I Hate Eminem, And Not Because He’s White | White Rap And The Transfer Of Power
By First Degree The D.E.
I hate Eminem, and not because he’s White, so don’t go there.
Rap is purpose. When rap was started, it was the voice of the street. Although rap was created as Black art, there has always been artists of other races chiming in and contributing to its growth. Early pioneers like The Beastie Boys, 3rd Bass, and even Vanilla Ice brought diversity to the music. In the beginning, it wasn’t about race, it was about being a voice, uplifting, and entertaining the streets.
Fast forward 30 years, and rap is no longer owned by the streets, rap is owned by the suburbs. How did this happen? Rap’s transfer of power started with Bill Clinton’s Telecommunications Act of 1996, and a White household name rapper named Eminem. As a result, today’s version of rap is “rap lite”.
Don’t get me wrong, I am not talking down on about the growth of rap music. Once rap caught on, I didn’t expect to be a “Black genre” for long. Rap is like a beautiful bird, keeping it caged in our region and culture would be doing the world an injustice. Rap is one of many contributions Black people have made to the planet. MCs come in all shapes and sizes, races, and nationalities. However, there is a big difference between the suburbs enjoying rap and owning rap.
Being in the rap game for over 20 years, I have the right to speak on its path. When we were starting up in the 90’s, there was no Sacramento rap, or Bay rap, etc. We were inventing a new genre. That’s why its transfer of power to the suburbs especially hurt.
As a result of rap’s transfer, artists that rap about the people began to be shunned, and those rapping about nothingness were celebrated. A dark turn rap had taken. Now days, rappers like myself, that do not recognize rap’s transfer of power and cater to the suburbs, are hated.
The average rap fan will not be connected to the transfer of rap power, and will see it from a detached, consumer’s perspective. However, all can understand, when you have been part of building something, you care about its whereabouts.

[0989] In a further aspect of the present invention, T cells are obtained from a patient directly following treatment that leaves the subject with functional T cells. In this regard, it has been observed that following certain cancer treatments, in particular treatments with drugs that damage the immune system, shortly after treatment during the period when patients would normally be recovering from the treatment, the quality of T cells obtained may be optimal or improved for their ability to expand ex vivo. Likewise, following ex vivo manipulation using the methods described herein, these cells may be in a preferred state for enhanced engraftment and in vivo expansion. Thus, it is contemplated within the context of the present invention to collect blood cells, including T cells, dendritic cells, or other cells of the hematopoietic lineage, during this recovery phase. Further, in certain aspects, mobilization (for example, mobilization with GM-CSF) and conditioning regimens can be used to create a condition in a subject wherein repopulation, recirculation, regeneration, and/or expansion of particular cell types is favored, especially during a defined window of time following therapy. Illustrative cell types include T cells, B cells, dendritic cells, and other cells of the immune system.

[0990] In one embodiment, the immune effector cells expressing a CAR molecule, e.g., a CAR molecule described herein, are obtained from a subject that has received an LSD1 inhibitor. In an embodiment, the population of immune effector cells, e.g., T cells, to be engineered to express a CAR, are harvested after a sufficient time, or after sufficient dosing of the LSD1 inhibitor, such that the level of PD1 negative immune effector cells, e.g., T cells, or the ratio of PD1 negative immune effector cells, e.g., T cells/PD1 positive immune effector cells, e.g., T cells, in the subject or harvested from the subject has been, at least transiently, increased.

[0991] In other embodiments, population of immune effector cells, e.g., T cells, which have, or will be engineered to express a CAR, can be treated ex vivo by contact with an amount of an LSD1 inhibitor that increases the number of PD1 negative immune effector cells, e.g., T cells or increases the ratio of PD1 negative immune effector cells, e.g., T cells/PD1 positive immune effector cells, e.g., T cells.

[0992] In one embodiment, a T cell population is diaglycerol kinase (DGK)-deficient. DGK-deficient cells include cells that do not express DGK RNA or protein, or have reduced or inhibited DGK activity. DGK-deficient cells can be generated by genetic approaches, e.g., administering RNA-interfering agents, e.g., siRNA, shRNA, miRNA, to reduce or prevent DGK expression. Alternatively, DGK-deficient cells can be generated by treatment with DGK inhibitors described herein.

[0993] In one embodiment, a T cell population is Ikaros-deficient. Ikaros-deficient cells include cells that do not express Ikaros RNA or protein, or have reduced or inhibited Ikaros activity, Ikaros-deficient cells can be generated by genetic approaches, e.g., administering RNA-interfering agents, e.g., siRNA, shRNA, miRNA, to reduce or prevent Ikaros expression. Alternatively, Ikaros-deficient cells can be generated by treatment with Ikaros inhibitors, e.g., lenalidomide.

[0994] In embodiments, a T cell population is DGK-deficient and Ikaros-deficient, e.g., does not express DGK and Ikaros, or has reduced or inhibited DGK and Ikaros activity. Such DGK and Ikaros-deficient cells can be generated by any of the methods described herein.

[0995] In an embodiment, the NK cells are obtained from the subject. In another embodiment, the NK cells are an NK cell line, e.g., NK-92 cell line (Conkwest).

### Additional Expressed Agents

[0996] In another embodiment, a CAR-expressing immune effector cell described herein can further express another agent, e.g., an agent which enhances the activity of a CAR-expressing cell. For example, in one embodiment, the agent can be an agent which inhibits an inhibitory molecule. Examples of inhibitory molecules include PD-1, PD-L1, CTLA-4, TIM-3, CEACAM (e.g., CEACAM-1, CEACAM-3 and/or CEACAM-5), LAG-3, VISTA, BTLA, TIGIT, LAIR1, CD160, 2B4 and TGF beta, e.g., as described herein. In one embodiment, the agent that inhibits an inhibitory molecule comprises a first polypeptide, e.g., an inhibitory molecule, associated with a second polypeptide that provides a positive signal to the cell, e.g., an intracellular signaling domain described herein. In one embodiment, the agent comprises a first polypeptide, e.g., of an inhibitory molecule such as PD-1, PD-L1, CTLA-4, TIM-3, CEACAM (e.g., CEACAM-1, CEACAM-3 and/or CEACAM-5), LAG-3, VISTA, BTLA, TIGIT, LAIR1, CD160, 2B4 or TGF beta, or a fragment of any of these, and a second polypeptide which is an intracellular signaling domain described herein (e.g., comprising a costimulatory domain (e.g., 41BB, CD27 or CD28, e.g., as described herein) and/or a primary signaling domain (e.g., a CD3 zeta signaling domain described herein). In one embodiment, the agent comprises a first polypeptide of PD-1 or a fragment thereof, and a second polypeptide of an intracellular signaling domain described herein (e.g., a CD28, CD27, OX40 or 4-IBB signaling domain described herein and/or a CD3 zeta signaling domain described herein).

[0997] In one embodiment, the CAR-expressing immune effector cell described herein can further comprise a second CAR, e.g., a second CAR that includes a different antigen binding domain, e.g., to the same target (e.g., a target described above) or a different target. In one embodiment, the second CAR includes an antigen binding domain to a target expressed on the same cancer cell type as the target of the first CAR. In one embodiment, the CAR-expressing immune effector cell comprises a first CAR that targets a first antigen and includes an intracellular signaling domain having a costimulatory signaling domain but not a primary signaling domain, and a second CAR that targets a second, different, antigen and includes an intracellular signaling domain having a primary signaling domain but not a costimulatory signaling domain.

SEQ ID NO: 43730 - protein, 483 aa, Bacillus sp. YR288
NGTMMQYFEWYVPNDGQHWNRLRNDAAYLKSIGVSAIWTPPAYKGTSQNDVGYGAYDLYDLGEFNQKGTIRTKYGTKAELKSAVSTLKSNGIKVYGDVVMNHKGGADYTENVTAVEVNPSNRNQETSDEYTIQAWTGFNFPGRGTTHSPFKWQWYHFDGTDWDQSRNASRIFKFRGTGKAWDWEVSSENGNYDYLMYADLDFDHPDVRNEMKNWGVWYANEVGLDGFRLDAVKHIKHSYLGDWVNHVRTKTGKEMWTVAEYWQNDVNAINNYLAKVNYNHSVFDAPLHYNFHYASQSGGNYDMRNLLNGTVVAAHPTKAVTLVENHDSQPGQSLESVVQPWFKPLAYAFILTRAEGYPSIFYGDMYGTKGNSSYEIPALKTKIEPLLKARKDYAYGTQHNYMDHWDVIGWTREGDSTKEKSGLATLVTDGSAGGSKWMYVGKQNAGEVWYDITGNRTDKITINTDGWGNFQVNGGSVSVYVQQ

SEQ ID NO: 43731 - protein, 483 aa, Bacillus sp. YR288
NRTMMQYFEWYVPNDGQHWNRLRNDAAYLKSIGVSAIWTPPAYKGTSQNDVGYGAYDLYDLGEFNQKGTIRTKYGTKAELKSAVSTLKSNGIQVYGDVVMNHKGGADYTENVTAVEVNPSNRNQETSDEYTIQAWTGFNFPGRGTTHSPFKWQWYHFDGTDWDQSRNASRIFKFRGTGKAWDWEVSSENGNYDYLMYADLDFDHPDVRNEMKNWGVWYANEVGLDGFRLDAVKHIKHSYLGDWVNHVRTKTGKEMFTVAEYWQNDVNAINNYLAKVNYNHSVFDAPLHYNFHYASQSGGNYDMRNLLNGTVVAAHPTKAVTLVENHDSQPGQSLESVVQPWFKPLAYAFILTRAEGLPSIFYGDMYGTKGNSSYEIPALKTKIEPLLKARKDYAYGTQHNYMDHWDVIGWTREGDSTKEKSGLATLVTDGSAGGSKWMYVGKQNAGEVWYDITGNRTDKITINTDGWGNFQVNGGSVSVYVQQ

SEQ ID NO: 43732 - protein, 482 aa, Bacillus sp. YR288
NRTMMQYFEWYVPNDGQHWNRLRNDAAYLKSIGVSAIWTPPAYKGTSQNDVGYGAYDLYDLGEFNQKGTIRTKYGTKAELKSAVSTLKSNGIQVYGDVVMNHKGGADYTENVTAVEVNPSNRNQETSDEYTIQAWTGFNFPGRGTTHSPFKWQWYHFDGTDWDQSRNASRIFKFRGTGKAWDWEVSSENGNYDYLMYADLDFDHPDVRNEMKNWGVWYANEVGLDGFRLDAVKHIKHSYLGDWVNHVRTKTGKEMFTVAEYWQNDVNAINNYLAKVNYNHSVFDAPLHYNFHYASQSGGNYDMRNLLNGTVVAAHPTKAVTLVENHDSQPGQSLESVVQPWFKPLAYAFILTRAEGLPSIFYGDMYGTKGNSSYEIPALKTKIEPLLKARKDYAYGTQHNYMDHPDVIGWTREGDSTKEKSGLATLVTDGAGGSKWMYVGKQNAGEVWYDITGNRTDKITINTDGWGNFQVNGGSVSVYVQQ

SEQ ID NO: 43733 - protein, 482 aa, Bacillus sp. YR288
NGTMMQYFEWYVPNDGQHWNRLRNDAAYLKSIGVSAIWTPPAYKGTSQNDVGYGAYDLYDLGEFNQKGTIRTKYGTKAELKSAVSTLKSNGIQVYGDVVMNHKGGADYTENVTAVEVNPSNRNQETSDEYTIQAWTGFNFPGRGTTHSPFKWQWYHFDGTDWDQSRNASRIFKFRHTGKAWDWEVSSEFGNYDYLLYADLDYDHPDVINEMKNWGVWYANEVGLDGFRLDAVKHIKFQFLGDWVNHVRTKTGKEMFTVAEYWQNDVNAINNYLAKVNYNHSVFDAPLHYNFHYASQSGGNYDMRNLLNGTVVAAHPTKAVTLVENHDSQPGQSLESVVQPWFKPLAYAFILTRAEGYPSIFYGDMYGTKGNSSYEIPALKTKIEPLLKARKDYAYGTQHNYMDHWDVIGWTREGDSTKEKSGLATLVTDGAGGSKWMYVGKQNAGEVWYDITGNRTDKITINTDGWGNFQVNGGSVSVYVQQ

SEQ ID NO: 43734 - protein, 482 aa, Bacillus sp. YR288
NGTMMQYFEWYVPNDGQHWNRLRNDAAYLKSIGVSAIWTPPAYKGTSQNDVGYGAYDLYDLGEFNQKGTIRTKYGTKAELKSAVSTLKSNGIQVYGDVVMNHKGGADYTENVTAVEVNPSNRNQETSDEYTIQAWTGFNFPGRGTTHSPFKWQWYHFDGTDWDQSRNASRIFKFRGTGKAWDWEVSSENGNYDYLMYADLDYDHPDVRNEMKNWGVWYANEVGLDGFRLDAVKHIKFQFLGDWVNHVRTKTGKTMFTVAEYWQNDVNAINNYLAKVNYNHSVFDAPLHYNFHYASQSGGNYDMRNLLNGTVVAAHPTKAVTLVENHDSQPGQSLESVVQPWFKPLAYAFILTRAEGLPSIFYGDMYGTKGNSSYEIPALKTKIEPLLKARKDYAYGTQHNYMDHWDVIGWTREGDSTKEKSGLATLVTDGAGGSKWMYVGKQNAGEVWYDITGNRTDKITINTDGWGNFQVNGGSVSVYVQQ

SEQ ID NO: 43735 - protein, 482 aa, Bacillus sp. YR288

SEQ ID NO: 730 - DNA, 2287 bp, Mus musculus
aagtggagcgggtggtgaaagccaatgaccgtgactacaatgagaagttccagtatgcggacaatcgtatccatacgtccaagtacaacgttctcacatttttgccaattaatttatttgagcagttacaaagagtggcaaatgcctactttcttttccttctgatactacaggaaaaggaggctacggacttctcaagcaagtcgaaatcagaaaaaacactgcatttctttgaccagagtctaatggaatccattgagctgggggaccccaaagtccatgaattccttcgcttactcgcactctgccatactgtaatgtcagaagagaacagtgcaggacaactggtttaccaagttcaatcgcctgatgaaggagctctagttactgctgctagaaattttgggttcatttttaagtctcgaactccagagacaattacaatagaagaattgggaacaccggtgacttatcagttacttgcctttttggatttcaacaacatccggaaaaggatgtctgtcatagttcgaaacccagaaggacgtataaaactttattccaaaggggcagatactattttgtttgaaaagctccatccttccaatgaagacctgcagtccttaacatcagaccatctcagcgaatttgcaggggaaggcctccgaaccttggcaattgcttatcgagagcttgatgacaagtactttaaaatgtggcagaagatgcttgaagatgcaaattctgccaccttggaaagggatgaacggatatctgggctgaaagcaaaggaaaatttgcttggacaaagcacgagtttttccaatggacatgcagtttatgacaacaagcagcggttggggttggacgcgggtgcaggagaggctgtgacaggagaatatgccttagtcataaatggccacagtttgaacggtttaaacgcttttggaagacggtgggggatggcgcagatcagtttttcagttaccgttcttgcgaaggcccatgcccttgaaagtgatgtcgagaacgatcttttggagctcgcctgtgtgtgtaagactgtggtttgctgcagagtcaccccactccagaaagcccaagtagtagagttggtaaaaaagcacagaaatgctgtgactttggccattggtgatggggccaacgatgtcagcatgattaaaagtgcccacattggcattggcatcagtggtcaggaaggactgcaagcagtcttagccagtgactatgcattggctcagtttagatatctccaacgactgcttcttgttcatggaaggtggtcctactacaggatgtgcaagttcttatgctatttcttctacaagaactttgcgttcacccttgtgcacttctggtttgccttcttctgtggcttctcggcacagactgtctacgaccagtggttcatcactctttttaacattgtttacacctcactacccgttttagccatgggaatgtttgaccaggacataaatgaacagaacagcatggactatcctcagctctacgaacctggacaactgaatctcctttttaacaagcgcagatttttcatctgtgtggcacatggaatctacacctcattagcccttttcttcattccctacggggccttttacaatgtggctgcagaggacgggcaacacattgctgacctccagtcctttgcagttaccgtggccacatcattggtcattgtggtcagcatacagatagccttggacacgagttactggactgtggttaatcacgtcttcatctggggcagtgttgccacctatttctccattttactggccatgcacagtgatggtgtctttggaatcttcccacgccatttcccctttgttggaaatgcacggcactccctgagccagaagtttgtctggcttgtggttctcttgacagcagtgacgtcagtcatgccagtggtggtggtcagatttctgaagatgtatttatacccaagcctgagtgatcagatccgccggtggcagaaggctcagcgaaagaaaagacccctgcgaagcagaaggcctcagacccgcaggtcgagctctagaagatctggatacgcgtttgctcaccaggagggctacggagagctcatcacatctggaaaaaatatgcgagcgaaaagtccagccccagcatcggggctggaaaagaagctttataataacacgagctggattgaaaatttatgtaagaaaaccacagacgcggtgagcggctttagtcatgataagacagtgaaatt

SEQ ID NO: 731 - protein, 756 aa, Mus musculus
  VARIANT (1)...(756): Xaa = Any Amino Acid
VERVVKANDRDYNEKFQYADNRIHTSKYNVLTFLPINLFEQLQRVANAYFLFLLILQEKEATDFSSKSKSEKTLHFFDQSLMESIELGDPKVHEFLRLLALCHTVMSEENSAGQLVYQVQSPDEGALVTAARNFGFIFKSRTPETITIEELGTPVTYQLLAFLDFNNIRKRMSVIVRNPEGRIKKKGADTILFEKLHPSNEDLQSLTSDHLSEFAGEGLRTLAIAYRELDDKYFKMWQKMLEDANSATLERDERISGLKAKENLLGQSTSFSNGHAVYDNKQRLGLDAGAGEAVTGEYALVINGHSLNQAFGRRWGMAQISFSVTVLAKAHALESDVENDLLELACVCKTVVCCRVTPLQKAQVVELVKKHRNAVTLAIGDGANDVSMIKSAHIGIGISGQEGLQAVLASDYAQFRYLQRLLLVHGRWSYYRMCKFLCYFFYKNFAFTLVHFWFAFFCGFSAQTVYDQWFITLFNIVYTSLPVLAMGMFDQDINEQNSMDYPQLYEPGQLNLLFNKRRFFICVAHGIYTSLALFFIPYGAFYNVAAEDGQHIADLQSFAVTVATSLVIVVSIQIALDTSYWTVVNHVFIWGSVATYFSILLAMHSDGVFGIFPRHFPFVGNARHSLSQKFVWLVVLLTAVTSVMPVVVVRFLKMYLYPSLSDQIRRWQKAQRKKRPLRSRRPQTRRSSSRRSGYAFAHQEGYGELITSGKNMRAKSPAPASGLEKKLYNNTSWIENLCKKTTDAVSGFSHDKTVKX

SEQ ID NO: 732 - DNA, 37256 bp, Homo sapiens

The Telecommunications Act of 1996
Over 90% of the 12 and up American population listens some form of radio in a week’s time. Millions are radio listeners, and rely on it for new music. Radio airwaves are supposed to be owned by the American public, but because the Federal government is the legal voice of the citizens, The Federal Communications Commission (FCC) enacts policies and decides for the people when it comes to the airwaves.
In the beginning of rap music, the FCC’s control over the airwaves wasn’t too much a conflict of interest. In the 90’s, mainstream as well as underground artists, could get their song on the radio. Conscious rap was the norm on hip hop radio stations. Militant artists like Public Enemy and Paris could get on the radio consistently. It was great, uplifting, and reassuring.
Then, in search of free competition for ownership of the airwaves and the up-and-coming internet, President Bill Clinton signed into law The Telecommunications Act in 1996. The Act was the initial blow to the ownership of rap, basically clearing the way for corporations like Clear Channel to take control of radio. As a result, the corporations had become the deciders, and their purpose was money.
The money the corporations were seeking was corporate advertising dollars. The difference between the retail dollar and the corporate advertising dollar is the control factor. As a corporate advertising dollar seeker, you don’t want to do anything to upset your advertisers. Advertisers had become radio’s lifeline and purpose. Advertisers like their rap light, purposeless, and non-talented. In their search for money, corporations had given advertisers control of rap.
The Telecommunications Act of 1996 has done a horrible service to the American public. It has lead to less competition, less diversity, fewer views, cut off musicians, and stripped rap of what made it special, its raw purpose.
The advertisers had become the deciders. Thanks, Bill.
At its core, rap was about respect. When Eminem entered the game in the late 90’s his gimmick was talking real bad on his mom and abusing drugs. A high level of disrespect for rap was displayed by Eminem’s early work. Rap was being trampled on, and no one enjoyed this more than the suburbs. Ironically, N.W.A.’s Dr. Dre, was behind it all, earning him the nick-name “The Cracka Backa”. What once was a proud genre made by the street, for the street, was now becoming a suburbian toy in a suburbian toy box. The rap and the purpose of rap had diminished.
Rap had officially changed hands. From that point on, when I heard Eminem’s voice, it was a symbol of defeat for something we built. This leads me to Tech N9ne and Strange Music.
I like Tech N9ne the person, I really do. However, the way Tech N9ne has been publically begging for Eminem’s attention makes me want to barf, it really does. Seeing rap’s top selling underground artist try to get more attention from the suburbs, and put value to the transfer of rap, literally makes me sick to my stomach. Tech is a cool dude, why this? Aren’t the juggalos enough? Is it Black seeking White acceptance? Seeing the constant begging made me reluctantly unlike him on Facebook.
When Tech N9ne invited me to be on his “All 6’s and 7’s” album, with the likes of Snoop Dogg, Kendrick Lamar, Hopskin, and others, I was excited. I knew the following buzz would present a big stage. With a great stage, comes great responsibility. A lesson was in order. I came with Super Black’s “Listen Up, Ya Honkey”, and the world turned upside down!